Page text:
The news has been full of reports that the last company manufacturing consumer VCRs will cease making them this year. I think most of us are surprised that the event is only happening now. After all, these days, video recording is likely to be on a hard drive, a USB stick, or on a server somewhere. Even recording to DVDs seems a bit quaint these days.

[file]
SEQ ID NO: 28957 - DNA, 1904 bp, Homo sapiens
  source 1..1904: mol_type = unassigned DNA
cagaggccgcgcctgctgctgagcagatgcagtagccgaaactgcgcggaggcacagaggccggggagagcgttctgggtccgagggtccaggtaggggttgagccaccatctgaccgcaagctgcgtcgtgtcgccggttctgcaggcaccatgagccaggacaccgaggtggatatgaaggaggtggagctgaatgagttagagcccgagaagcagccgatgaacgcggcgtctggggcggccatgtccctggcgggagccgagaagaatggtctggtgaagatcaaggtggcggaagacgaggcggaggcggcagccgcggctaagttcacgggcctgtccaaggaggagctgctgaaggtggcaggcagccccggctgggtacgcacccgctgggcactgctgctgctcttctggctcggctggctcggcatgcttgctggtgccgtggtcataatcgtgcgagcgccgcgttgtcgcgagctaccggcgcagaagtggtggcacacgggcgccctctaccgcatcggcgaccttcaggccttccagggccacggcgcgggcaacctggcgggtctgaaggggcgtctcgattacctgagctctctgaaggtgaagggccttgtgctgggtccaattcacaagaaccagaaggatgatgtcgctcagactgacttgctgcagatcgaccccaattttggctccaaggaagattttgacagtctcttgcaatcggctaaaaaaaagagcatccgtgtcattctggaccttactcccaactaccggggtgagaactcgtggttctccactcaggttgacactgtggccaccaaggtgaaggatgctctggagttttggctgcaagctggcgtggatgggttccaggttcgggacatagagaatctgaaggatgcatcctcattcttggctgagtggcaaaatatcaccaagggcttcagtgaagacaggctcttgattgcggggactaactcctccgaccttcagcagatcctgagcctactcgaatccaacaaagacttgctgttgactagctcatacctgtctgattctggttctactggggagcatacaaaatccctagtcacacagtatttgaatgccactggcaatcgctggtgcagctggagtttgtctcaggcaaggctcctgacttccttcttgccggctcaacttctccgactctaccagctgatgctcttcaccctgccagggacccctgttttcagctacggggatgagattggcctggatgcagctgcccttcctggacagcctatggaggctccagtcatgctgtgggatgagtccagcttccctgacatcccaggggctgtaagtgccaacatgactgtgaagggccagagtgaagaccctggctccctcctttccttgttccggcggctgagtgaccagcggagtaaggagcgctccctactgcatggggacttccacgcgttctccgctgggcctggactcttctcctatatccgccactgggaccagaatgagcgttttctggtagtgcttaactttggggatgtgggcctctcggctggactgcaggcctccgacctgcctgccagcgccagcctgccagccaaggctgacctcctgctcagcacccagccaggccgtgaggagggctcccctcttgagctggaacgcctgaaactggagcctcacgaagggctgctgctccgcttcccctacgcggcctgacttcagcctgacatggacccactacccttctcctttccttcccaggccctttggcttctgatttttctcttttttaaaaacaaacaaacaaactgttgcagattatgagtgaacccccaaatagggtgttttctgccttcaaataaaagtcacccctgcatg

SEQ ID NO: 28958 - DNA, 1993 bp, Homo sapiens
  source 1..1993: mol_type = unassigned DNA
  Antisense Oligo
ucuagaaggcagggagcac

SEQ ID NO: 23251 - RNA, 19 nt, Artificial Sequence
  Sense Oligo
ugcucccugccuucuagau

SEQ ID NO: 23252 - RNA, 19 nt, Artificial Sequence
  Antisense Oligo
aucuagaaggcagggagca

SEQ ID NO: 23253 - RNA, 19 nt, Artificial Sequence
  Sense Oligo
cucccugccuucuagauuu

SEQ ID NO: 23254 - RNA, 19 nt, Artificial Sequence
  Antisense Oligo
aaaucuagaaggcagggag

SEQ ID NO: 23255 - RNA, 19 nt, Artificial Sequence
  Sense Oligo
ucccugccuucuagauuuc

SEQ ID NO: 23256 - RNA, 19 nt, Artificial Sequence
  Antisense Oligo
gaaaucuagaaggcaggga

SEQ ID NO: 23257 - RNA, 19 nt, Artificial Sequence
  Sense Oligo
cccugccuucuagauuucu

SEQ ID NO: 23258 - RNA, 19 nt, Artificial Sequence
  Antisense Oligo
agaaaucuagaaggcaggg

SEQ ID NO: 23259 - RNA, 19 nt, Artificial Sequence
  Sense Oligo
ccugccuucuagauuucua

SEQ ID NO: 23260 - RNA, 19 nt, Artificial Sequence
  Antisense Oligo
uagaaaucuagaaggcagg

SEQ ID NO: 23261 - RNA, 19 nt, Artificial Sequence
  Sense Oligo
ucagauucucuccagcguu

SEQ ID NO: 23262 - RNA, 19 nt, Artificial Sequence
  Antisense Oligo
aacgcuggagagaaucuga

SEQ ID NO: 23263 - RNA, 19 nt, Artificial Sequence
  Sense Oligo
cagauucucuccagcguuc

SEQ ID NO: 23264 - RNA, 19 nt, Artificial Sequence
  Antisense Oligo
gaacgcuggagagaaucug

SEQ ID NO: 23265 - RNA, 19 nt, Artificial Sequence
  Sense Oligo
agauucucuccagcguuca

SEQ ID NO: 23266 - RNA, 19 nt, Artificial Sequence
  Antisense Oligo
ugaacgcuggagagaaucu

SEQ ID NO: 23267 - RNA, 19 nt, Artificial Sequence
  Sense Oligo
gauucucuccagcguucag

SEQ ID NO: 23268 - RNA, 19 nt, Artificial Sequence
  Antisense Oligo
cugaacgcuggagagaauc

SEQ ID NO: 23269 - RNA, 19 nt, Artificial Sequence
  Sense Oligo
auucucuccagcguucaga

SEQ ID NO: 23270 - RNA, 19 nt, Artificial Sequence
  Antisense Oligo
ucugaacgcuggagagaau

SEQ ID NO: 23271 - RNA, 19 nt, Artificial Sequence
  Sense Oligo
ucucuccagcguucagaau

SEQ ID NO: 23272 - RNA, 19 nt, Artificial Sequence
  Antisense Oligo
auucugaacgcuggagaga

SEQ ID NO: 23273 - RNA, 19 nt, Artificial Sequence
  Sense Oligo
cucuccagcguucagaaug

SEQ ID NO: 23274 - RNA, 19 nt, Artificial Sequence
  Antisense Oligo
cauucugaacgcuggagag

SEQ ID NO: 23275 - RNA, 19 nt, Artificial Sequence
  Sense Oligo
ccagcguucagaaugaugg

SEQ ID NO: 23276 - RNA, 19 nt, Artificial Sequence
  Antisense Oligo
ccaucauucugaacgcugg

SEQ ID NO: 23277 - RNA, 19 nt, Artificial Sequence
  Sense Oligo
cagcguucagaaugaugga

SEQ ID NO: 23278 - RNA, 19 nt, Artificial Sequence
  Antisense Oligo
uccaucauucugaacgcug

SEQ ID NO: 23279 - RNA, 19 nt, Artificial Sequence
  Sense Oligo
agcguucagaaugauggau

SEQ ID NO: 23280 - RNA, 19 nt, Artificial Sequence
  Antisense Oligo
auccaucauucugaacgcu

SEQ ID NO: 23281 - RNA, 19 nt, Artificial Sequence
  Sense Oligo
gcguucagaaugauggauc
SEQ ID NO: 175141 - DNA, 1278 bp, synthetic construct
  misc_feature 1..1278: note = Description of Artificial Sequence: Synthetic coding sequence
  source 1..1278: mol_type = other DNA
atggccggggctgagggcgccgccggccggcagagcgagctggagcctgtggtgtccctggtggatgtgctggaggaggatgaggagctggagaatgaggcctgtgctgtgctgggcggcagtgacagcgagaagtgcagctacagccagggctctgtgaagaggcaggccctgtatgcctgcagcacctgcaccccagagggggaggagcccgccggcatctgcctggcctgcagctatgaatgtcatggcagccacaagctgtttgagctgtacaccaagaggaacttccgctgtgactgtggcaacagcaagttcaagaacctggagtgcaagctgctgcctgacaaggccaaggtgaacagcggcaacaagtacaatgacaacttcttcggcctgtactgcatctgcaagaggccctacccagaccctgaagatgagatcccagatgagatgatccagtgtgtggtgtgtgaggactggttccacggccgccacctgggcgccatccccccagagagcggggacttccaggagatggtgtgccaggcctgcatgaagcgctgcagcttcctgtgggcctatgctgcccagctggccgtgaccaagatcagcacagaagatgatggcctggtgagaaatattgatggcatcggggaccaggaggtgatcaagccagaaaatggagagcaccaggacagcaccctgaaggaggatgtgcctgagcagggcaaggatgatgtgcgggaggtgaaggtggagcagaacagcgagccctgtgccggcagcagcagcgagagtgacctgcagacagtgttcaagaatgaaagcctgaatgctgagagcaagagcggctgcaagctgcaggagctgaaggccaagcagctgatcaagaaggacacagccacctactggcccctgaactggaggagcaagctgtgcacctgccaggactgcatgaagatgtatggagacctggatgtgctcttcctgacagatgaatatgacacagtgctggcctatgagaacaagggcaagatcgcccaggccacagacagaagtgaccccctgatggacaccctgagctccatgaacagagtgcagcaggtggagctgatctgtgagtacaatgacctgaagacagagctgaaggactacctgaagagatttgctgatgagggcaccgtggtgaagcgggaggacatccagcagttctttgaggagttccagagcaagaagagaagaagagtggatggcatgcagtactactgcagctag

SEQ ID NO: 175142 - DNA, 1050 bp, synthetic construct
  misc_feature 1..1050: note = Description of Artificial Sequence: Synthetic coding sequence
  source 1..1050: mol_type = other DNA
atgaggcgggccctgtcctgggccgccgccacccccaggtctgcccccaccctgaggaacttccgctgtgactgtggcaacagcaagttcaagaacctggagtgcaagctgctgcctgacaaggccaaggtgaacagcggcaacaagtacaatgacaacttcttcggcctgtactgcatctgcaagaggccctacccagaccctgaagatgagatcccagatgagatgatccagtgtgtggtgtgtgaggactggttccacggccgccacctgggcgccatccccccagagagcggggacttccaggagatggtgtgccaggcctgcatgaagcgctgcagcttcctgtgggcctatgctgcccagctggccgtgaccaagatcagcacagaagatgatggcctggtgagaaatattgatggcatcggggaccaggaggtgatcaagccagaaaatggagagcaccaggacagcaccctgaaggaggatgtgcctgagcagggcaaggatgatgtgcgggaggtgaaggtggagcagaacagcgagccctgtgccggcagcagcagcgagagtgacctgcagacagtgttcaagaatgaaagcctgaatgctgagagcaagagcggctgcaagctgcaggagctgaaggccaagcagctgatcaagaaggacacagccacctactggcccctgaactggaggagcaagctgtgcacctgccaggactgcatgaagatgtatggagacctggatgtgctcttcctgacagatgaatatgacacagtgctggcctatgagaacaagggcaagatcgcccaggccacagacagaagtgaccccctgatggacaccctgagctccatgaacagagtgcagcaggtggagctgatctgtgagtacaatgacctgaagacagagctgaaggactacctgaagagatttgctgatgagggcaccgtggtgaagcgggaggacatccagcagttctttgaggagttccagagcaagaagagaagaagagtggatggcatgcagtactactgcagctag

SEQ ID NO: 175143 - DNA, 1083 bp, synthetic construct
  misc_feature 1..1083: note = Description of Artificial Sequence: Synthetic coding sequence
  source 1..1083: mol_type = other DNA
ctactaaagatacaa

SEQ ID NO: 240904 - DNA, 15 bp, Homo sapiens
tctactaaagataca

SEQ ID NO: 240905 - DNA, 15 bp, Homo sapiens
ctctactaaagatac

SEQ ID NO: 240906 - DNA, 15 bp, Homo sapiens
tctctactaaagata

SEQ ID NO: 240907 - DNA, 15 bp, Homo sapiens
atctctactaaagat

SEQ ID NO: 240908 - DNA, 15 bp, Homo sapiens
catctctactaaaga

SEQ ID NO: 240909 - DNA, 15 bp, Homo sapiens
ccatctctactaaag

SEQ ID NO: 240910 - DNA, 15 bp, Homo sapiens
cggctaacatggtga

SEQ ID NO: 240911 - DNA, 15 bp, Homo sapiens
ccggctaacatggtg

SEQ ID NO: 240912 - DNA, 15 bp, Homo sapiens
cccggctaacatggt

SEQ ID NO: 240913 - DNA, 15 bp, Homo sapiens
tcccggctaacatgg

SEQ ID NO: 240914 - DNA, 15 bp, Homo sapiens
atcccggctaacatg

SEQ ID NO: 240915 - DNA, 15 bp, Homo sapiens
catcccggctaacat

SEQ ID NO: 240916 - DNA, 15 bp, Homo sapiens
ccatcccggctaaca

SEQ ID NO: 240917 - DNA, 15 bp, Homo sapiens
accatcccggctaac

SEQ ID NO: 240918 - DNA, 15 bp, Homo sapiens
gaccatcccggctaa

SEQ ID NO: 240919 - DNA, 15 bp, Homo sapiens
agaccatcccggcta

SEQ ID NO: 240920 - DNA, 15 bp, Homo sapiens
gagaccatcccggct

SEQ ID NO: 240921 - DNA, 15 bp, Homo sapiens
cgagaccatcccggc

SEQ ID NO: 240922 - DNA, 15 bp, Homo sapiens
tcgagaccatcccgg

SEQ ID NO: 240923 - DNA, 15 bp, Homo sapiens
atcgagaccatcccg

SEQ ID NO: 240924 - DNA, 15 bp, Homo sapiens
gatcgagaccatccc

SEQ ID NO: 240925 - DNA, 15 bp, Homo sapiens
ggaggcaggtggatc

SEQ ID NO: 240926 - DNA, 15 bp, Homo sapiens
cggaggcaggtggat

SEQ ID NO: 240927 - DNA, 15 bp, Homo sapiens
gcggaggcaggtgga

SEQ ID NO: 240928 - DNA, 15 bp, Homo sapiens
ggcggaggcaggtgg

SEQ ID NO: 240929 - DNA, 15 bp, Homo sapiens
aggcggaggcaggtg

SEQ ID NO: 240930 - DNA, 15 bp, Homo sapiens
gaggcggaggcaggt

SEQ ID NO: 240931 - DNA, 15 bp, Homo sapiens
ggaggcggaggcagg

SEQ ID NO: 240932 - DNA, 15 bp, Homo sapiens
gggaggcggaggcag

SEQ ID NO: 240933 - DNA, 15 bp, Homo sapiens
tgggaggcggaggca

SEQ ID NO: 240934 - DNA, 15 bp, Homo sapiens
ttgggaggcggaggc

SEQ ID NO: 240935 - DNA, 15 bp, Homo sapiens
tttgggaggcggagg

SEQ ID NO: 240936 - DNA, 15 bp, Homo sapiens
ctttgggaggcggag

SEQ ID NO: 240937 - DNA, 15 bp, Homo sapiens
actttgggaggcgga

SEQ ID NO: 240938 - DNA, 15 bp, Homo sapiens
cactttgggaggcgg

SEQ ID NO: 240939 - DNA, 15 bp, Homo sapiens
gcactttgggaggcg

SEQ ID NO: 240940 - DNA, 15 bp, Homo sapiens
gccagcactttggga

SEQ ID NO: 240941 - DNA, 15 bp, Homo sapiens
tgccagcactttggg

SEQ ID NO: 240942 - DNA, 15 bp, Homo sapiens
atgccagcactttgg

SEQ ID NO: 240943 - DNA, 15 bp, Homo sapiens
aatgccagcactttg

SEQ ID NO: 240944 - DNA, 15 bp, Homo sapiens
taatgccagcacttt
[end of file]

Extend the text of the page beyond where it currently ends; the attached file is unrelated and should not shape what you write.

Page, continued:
Back before there were web sites, people had to get information from magazines like Popular Electronics, Radio Electronics, and a few others. In the late 1960s and early 1970s, it was common to see these magazines predict that this would be the year of the home video recording system. For example, in 1971, [Lou Garner] wrote: “…they [Sony] hope will put home videotape playing in the same living room as conventional high-fidelity sound systems.” You should know that the video cassette he was talking about was 8 inches wide by 5 inches deep (a big larger than a VHS tape) and contained 3/4 inch magnetic tape (VHS used 1/2 inch tape). The 32-pound player had a retail price of about $350 (about $2,000 in today’s dollars; remember gas was $0.36 a gallon and eggs were $0.53 a dozen). It would be several years before VHS and Betamax would duke it out for home supremacy.